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  1. #11

    Join Date
    Mar 2006
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    Hello, Fotch:

    At this point, I have only wound dummy film through it with a 616 spool as takeup to see how the film unrolled with the connectors on the supply side; that worked. I think I will stick with that, modifying if the film doesn't take up neatly. As you say, to use the connectors on both sides something will have to be done to engage the 120 spool to power advancing of the film-- should be possible. By the way, I can't take credit for using crimp connectors: I'm sure that I read it somewhere-- don't remember where. I'm glad that some people on this forum are working on a way to use this camera; I really liked it years ago and am eager to figure out a way to use it again for a roll or two.

  2. #12
    fotch's Avatar
    Join Date
    Mar 2005
    Location
    SE WI- USA
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    4,157
    I have not looked at it yet, however, I would think by drilling a small hole and screwing in a set screw, say 8-32, you could make it fit a keyway. Interesting project.
    Items for sale or trade at www.Camera35.com

  3. #13

    Join Date
    Apr 2009
    Location
    Superior, Colorado USA
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    Medium Format
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    187
    Agreed - very inventive solution - it is so cool that you found a doodad that happens to be sized so perfectly for the job! And, you're right - I'm pretty sure that particular connector is common. In fact I plan to pick up a few next time I am at the hardware store so i can try them out with my Clipper.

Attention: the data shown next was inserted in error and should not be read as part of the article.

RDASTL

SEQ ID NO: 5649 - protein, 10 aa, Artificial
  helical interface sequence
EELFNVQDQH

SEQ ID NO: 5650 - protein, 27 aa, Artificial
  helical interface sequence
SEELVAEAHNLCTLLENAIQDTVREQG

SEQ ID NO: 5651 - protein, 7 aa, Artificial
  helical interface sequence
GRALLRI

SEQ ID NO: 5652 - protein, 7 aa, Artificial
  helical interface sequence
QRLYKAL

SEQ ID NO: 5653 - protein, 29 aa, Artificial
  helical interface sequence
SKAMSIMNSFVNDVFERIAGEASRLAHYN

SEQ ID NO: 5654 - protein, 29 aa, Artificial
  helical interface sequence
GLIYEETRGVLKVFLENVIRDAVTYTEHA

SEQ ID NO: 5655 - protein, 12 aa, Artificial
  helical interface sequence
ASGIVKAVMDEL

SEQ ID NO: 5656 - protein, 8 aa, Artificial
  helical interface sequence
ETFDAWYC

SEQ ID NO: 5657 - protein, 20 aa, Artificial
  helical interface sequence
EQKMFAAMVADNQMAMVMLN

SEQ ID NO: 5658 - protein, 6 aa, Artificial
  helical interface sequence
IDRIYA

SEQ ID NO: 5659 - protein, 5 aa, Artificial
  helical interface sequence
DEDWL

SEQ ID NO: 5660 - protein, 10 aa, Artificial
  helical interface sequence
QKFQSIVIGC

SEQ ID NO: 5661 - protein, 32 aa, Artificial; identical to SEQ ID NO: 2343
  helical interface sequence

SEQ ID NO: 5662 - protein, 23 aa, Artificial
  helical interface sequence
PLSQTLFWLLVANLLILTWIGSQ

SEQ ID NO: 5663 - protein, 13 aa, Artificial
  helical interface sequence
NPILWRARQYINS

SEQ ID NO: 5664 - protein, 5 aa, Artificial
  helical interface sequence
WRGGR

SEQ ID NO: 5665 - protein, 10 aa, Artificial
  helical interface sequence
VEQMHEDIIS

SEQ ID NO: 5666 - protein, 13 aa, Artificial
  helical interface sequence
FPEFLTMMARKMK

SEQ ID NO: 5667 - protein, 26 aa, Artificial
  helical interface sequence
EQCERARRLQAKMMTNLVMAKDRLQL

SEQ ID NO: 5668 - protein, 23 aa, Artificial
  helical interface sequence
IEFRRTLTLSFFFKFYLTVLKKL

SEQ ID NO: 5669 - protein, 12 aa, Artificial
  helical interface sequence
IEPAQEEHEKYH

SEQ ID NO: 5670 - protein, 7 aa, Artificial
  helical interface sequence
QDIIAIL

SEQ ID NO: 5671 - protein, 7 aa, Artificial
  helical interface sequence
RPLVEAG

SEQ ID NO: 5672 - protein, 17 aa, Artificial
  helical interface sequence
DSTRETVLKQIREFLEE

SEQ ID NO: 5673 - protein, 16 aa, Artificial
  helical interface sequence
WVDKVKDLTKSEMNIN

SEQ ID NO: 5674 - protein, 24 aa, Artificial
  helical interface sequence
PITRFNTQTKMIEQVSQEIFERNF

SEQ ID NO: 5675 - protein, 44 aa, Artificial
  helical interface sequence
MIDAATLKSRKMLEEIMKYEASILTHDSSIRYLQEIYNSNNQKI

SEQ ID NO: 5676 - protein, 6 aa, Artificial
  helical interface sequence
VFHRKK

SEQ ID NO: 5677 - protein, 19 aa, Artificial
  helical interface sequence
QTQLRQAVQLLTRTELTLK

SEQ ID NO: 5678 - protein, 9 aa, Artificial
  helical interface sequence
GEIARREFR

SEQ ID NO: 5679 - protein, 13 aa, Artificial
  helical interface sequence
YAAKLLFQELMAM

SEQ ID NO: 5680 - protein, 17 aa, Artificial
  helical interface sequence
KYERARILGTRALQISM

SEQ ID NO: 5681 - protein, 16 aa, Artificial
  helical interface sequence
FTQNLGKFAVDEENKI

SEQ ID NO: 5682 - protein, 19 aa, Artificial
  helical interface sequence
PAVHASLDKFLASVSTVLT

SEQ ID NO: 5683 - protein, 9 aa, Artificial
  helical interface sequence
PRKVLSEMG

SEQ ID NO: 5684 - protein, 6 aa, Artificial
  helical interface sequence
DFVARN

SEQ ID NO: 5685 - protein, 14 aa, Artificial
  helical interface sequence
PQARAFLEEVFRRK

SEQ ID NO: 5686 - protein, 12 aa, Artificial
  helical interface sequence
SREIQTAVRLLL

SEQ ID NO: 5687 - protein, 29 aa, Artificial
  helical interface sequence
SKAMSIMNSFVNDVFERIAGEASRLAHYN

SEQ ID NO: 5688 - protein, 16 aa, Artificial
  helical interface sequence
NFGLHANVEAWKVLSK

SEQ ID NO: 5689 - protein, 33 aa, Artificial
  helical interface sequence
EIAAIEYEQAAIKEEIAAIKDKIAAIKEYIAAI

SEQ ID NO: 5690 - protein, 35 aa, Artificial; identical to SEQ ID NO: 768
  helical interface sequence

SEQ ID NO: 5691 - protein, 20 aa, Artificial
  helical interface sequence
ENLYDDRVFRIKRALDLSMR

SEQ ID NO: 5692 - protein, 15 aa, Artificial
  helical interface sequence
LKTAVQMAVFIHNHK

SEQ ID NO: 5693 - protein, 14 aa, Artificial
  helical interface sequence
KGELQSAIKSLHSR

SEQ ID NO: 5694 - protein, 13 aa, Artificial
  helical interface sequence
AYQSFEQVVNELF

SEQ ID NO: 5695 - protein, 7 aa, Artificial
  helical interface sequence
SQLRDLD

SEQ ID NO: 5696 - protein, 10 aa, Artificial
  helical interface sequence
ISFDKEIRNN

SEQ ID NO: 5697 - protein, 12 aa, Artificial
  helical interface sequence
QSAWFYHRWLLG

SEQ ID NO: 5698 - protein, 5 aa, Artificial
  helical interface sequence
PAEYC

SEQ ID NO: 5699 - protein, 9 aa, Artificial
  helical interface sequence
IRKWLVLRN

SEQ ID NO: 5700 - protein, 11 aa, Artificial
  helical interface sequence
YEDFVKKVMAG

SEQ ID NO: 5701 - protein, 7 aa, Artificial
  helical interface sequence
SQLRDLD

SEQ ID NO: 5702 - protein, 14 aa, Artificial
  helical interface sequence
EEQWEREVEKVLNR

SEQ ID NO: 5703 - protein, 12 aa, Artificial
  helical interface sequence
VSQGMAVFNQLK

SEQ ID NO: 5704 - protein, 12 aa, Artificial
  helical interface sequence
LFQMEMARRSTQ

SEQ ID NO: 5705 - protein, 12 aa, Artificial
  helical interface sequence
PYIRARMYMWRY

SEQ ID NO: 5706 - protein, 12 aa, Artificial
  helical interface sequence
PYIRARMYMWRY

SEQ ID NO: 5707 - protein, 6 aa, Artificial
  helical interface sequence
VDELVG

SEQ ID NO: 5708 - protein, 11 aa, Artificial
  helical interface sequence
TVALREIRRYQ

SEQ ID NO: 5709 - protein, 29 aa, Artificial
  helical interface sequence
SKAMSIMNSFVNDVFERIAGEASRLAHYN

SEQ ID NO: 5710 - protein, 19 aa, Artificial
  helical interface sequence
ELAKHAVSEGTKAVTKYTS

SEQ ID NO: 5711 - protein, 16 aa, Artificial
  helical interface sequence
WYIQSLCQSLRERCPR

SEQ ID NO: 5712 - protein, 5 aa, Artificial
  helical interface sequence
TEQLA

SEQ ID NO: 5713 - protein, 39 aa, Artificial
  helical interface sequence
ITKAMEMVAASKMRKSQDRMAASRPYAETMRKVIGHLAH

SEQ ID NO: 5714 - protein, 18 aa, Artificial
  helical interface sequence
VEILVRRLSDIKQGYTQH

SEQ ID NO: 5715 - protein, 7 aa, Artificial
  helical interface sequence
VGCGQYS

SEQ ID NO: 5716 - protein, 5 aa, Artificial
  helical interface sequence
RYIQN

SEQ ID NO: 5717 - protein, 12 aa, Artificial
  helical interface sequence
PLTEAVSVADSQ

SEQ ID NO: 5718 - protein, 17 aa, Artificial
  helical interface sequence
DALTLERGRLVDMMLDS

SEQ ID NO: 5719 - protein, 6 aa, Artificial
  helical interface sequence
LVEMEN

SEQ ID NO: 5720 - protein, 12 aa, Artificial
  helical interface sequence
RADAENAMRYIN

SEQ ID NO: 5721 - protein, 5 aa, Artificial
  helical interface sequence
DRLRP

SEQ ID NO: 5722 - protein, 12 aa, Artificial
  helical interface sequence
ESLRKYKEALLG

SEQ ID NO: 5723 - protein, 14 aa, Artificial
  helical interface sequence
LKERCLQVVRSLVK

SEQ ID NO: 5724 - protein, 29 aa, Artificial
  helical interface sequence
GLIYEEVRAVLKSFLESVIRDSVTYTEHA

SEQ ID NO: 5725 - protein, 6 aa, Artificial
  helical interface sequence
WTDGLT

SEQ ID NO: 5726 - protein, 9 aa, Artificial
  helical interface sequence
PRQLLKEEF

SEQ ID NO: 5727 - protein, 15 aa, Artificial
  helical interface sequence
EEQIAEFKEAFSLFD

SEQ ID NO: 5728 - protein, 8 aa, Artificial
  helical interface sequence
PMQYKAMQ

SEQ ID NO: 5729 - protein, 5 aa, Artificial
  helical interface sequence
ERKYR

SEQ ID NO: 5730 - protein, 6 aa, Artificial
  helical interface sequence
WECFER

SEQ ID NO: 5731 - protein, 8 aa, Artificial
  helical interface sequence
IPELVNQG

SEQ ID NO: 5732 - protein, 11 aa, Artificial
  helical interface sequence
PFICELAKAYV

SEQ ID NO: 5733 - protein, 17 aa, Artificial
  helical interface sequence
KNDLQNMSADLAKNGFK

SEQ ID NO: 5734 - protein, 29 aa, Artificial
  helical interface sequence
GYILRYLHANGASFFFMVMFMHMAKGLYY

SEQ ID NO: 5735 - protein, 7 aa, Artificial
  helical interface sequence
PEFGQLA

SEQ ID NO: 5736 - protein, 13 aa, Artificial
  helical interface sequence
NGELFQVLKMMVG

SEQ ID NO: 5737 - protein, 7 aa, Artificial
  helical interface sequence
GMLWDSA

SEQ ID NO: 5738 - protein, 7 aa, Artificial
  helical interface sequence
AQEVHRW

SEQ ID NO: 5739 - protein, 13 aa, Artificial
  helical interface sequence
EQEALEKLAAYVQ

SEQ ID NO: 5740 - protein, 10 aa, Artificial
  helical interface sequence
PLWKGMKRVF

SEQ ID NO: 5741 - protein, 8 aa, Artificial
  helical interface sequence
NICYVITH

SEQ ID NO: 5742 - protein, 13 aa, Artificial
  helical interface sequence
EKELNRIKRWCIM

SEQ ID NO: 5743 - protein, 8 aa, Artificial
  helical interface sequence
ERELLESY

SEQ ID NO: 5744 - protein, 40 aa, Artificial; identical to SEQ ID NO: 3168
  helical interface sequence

As for the 120 spool being able to "slip in" or not, I was actually referring to the diameter of the spool not it's length. The link I referenced referred to a different camera entirely (not a PD16/Clipper at all), for which they apparently did have to trim down the diameter of the spool ends. But neither of our Clippers require doing that; and my guess is that none of the other PD16/Clipper variants do either.

  4. #14

    Join Date
    Mar 2006
    Shooter
    35mm
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    10

    Progress Report

    Earlier discussions in this thread convinced me that I should finish my attempt to use 120 film in the Agfa Clipper. I'm not done yet; but, I thought that it might be useful to report what I did and the results. I used 120 film on a 120 spool as the supply, fitting it to the Clipper's supply side using the crimp connectors I mentioned in an earlier post. For takeup, I used the original 616 spool. To keep alignment, I built up each end of the spool inside by 3mm with some sticky foam product that I had on hand. I masked the film gate slightly, about 3mm top and bottom with black card stock. Using a dummy roll, I figured out (imperfectly, as it turns out) a winding scheme to get 12 frames and assure no overlaps. I didn't get overlaps, but only got 10 & 1/2 frames because I miscalculated how far to wind to get to the start of the film. The mechanics of taking the photos worked smoothly and the camera does a good job, I think. I will post a few small images which have been scanned, given Shadows and Highlight adjustment, and Unsharp Mask @ 20%. Judging from some variations in focus (see, e.g., the tree in scene showing the State Capitol) and wavy horizontals, there is some film movement at work. I haven't thought this through yet (other people's thoughts would be welcome), but my hunch is that this arises from some flexing of the card mask or, seems less likely, a fluctuating misalignment from slop on the takeup spool. Here are the examples: